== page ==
The Oregon Ducks have launched their new Sports iPad app. They are one of only a handful of NCAA athletic programs that have their own custom sports iPad app.
The new app, developed in partnership with NeuLion, includes the following features:
- News – easy access to up-to-the-minute news
- Schedules & Results – keep tabs on the Ducks all season
- Rosters – check stats and player profiles
- Live Scores & Stats – follow the action anywhere you go
- Photos – browse exciting photos
- On-Demand Video – watch exclusive highlights and clips
- Live Audio – follow all of the live audio action
Oregon Ducks Sports iPad App Interview – Ryan Therrell – Director, Internet Management
Sports Networker authors Katrina Galas and Mitzi Ing interviewed Ryan Therrell – Director, Internet Management (University of Oregon) about the new Oregon Ducks sports iPad app. Watch as Ryan walks them through all of the new features. He also takes time to discuss other ways that technology is being used to help improve athlete performance, coaching and fan experience at the University of Oregon.
What do you think of the new Oregon Ducks Sports iPad app? Are there other Sports iPad Apps out there that you think are better?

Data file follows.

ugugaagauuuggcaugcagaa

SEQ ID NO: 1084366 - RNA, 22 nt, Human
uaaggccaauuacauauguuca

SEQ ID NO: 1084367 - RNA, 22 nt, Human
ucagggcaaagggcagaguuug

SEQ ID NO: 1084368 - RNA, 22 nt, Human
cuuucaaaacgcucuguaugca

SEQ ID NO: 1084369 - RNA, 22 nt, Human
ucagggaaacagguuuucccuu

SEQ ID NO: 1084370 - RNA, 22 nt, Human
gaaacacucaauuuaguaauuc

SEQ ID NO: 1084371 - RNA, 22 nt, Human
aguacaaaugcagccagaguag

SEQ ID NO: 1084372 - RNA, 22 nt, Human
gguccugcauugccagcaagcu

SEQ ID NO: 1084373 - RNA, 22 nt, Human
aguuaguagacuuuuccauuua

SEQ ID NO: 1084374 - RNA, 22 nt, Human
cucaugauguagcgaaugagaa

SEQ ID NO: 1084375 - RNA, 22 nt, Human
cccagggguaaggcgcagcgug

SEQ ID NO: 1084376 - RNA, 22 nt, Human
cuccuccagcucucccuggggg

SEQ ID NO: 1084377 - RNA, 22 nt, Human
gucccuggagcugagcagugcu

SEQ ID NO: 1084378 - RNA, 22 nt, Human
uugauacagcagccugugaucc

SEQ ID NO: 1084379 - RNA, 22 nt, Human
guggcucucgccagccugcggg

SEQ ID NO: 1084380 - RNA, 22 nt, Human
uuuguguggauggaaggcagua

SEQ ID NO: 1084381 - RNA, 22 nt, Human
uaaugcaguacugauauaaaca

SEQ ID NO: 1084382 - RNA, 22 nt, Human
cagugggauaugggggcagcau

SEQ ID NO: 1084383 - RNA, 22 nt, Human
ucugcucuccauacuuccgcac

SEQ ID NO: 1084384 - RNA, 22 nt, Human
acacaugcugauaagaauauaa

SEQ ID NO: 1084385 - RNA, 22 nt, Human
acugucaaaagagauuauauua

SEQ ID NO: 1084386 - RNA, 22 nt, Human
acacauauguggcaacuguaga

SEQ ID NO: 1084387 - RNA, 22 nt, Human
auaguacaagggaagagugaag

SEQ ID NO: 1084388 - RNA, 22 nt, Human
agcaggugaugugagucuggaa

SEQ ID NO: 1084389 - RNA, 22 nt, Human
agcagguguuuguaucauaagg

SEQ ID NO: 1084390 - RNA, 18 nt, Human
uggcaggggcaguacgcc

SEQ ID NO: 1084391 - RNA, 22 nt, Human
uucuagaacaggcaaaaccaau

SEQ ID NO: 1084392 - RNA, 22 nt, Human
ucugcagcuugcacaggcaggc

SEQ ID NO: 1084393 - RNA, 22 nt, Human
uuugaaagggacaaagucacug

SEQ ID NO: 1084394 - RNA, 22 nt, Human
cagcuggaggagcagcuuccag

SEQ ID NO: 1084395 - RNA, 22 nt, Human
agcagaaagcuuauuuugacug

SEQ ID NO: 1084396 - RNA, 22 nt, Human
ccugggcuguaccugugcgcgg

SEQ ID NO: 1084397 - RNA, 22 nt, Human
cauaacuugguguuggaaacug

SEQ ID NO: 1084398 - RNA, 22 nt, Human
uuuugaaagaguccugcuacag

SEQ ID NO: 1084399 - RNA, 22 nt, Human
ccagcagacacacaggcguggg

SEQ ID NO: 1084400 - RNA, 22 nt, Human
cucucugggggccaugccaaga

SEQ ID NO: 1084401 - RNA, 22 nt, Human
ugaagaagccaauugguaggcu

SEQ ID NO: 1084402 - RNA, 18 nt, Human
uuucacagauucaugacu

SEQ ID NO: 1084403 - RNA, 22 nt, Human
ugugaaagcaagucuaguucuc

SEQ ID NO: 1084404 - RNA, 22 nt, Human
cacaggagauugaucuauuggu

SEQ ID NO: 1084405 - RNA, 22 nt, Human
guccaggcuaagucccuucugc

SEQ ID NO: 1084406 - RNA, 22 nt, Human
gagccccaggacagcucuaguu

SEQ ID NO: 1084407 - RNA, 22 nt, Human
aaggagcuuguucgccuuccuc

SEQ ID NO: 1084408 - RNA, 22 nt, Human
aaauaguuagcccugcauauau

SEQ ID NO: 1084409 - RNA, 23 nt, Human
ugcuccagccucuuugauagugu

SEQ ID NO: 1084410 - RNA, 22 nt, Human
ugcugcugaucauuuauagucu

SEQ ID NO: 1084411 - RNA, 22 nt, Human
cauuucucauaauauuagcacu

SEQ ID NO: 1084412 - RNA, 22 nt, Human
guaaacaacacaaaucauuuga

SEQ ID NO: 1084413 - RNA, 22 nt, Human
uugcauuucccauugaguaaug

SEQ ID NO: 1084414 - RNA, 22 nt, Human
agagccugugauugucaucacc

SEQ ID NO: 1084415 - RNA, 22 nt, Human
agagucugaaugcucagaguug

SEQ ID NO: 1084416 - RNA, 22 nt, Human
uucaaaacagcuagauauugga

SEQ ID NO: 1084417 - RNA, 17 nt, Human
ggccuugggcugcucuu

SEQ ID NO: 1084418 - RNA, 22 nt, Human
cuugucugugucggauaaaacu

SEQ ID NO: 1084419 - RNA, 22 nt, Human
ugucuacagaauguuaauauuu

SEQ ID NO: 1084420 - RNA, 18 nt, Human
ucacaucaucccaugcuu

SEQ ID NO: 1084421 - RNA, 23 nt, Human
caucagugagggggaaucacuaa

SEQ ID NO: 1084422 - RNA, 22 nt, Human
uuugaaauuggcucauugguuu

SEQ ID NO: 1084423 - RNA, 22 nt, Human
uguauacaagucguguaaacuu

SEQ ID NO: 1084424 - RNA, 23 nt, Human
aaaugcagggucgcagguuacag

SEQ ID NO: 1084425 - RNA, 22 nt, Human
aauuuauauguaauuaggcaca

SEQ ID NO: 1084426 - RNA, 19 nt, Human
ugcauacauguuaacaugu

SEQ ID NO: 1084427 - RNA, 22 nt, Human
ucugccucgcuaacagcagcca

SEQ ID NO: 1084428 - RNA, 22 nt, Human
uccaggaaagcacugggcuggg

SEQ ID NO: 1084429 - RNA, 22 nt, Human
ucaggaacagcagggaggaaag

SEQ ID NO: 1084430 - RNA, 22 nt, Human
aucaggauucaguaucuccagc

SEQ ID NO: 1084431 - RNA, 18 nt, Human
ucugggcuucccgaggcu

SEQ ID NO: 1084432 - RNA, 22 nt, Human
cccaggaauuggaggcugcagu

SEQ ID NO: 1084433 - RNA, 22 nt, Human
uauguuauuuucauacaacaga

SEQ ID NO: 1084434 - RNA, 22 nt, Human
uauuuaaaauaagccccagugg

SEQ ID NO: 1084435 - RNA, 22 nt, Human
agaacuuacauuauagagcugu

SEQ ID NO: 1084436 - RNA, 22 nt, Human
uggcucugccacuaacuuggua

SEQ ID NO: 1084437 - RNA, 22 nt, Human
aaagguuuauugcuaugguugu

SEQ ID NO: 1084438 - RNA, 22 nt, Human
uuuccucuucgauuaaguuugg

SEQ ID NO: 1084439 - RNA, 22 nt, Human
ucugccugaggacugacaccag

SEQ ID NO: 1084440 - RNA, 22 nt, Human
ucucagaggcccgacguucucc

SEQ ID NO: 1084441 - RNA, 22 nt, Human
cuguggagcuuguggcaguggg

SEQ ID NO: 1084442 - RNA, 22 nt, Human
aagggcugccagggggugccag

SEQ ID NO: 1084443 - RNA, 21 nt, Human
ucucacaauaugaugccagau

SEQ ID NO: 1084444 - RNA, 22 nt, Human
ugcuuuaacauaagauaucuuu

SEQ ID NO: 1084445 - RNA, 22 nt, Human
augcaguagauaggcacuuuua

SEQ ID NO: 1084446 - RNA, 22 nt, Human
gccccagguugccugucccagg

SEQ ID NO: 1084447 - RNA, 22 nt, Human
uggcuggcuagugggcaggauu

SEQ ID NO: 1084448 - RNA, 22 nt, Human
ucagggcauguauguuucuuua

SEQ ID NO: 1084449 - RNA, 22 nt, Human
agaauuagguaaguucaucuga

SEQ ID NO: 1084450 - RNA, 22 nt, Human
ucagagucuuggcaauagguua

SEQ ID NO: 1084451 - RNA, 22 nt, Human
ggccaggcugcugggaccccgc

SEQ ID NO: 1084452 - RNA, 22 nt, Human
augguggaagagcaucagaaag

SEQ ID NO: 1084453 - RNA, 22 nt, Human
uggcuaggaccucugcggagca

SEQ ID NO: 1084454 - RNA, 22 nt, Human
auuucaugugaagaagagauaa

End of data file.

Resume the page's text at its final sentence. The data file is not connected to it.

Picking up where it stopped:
Oregon Ducks Sports iPhone App Overview
Ryan also took some time to tell us about the Oregon Ducks iPhone App.
Oregon Ducks Sports iPad App Interview – Transcription
So we’ve just released the Oregon Ducks iPad application and we tried to combine all of our media presence on here so instead of just coming in and getting the news the first screen that you get combines our videos, our news, any new photo galleries we published and our most recent Twitter feeds as well. So it’s kind of a one stop shop for anything that’s happening in Oregon athletics.
The other really cool thing we have is all of our video archives right here. So we do a lot of post game interviews and pre game interviews; this is all from volleyball, we can go and see what coach Kelly had to say after practice. And of course you can tilt it sideways and go full screen. It’s a really great application.